This week marks the 150th anniversary of the battle of Gettysburg. While it's widely known as the critical turning point of the Civil War, the small Pennsylvania town has seen many other battles since then — over how the historic site should be preserved and remembered.
All over the country on Thursday, fireworks will light up the sky. In many places, those fireworks will come with a patriotic soundtrack — one that wouldn't be complete without "The Star-Spangled Banner." The song officially became America's national anthem in 1931, but it's been around since the early 19th century.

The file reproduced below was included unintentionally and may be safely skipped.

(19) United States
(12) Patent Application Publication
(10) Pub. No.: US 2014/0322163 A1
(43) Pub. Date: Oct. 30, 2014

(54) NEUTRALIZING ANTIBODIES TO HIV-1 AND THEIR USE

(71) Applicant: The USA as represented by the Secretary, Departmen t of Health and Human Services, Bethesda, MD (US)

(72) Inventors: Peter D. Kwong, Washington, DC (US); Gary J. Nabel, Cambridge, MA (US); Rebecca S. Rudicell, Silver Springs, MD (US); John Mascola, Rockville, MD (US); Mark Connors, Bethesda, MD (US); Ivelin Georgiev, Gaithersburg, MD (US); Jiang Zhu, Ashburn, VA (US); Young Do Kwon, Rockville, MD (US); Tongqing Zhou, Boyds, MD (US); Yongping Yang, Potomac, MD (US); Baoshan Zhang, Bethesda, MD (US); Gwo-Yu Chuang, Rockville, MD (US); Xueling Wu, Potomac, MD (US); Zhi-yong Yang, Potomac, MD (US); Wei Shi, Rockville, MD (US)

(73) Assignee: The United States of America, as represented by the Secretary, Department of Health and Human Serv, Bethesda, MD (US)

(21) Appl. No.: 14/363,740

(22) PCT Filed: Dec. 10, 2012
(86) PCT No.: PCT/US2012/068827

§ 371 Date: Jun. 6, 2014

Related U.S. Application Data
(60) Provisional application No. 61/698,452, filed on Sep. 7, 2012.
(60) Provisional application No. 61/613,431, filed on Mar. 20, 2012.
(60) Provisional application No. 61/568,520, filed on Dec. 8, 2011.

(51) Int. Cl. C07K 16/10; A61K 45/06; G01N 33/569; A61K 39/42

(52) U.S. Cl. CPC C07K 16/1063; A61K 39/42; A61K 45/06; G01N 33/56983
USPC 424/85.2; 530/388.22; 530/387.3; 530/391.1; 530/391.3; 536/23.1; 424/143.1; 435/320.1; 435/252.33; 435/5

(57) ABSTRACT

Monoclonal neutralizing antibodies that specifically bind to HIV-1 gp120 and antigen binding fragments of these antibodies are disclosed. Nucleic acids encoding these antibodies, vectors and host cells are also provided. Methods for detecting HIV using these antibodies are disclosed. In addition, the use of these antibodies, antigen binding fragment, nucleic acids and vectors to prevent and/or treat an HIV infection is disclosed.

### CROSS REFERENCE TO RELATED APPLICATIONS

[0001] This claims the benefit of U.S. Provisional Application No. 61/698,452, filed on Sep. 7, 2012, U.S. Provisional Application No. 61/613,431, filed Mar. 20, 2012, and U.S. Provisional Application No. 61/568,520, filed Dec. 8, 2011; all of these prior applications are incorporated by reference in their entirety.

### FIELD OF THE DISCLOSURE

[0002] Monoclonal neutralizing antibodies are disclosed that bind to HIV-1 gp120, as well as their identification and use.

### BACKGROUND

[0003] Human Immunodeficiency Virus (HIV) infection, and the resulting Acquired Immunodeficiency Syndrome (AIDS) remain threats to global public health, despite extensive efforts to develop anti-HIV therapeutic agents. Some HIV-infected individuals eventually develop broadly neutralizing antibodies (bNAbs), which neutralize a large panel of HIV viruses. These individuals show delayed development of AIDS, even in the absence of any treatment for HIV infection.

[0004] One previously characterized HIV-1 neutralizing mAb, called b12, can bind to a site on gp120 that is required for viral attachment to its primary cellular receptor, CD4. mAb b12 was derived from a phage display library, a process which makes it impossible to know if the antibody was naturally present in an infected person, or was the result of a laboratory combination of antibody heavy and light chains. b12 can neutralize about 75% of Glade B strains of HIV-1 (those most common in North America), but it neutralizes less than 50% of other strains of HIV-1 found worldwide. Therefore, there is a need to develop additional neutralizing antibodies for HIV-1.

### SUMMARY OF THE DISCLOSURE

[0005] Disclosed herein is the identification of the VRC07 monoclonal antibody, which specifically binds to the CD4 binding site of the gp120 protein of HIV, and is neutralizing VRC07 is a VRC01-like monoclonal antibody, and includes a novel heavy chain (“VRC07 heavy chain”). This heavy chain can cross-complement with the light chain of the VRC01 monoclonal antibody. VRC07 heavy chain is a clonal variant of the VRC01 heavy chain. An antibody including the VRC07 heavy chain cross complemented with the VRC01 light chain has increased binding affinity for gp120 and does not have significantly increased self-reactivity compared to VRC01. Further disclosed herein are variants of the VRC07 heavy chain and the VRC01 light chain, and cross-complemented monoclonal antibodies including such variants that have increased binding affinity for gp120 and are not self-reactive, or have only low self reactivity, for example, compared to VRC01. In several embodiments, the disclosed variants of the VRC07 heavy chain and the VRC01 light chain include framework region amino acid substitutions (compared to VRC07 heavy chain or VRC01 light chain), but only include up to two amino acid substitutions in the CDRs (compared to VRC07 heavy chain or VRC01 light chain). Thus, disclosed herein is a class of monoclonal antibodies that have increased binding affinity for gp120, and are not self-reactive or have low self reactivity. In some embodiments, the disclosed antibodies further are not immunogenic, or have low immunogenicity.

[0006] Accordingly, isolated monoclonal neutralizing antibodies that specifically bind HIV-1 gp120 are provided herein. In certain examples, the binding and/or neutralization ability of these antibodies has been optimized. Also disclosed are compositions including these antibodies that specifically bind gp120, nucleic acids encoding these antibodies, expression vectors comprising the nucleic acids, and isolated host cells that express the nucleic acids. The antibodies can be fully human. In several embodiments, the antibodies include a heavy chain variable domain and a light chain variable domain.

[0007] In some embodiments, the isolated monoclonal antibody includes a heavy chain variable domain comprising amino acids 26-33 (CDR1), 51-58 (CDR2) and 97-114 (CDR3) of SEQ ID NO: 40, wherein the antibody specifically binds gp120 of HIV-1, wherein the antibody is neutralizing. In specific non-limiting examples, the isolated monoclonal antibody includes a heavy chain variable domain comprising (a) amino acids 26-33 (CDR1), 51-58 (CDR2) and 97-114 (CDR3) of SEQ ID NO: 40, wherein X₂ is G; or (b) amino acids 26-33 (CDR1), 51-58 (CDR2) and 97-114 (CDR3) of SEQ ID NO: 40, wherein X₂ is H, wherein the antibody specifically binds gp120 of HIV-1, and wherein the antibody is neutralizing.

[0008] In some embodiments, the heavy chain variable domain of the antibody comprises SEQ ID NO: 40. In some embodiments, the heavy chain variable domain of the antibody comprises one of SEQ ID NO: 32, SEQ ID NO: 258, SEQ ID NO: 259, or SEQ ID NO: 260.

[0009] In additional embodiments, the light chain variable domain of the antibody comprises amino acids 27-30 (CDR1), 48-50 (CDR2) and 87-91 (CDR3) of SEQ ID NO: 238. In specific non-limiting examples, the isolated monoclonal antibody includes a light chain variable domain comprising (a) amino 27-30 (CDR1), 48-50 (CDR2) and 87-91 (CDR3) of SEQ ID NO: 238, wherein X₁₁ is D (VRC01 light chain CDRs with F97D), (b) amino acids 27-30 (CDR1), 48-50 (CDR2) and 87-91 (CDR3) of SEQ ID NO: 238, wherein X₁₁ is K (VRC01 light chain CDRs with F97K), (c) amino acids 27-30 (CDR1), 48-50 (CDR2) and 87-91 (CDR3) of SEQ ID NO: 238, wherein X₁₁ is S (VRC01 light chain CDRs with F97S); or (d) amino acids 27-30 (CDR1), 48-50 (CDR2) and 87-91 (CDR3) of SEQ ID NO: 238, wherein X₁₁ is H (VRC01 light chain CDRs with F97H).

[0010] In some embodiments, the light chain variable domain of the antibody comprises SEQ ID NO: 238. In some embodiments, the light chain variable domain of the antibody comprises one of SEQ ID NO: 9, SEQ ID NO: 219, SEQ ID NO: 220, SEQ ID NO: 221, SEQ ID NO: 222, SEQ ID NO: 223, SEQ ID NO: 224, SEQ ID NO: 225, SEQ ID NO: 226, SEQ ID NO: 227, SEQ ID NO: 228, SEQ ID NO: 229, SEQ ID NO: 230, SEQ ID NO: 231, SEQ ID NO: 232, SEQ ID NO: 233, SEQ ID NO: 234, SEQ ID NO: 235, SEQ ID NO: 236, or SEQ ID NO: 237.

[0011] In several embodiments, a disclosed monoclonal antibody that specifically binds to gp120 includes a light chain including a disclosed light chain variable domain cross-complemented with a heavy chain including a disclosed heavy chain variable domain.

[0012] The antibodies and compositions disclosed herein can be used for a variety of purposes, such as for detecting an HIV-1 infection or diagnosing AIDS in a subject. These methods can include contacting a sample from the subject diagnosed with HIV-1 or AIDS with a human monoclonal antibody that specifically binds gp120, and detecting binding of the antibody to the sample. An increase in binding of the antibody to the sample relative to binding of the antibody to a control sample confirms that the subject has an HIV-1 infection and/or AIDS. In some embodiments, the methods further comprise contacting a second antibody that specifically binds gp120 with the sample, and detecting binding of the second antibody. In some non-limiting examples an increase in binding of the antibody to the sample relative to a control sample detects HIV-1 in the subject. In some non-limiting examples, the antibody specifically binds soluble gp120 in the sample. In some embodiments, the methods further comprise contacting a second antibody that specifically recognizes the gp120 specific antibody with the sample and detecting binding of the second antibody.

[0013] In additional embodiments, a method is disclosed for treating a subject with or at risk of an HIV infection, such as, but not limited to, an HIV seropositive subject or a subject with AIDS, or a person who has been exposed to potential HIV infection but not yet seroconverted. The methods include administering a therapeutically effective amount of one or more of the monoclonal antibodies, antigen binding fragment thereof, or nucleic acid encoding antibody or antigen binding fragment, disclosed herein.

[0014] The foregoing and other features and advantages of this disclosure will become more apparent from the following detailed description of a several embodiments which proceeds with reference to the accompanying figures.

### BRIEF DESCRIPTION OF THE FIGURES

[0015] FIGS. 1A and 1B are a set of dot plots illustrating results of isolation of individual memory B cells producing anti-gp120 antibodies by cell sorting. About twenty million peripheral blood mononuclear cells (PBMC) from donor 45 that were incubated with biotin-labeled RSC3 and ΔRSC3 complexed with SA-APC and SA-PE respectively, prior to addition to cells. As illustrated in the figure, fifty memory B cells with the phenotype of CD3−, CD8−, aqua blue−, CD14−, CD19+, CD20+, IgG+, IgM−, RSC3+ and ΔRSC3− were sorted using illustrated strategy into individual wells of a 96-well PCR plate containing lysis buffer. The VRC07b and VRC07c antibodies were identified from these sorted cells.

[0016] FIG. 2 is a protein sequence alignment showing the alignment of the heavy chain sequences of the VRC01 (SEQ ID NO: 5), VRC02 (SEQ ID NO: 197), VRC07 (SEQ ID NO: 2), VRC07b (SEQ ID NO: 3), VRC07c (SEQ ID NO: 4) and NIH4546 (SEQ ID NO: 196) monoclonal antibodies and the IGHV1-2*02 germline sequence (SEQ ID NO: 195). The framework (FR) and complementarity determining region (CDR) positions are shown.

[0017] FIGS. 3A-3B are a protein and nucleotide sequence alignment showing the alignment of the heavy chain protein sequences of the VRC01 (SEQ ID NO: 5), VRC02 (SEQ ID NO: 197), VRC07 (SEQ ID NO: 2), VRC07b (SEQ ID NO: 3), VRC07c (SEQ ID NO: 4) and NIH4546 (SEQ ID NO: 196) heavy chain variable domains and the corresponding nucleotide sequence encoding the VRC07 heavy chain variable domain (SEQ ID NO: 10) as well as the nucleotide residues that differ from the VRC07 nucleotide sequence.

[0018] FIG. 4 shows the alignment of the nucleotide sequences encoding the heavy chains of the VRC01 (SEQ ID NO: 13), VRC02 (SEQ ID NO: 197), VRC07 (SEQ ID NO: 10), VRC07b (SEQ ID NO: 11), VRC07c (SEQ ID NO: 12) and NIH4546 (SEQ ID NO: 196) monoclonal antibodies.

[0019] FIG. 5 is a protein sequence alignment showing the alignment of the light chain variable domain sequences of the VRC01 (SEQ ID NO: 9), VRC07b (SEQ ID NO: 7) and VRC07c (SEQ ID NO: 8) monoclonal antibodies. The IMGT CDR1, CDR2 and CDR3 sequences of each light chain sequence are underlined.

This report is part of "Those Who Serve," an occasional series that looks at those who wear the military uniform during a time of war.
It's early afternoon at a small outpost in eastern Afghanistan, and U.S. Army Sgt. Chris Cunningham, with the 10th Mountain Division, heads into a long, dusty tent to teach Afghan soldiers the basics of map reading.
After the sun sets, American soldiers help Afghan soldiers outside the wire. They pop artillery shells containing what's called an illumination round.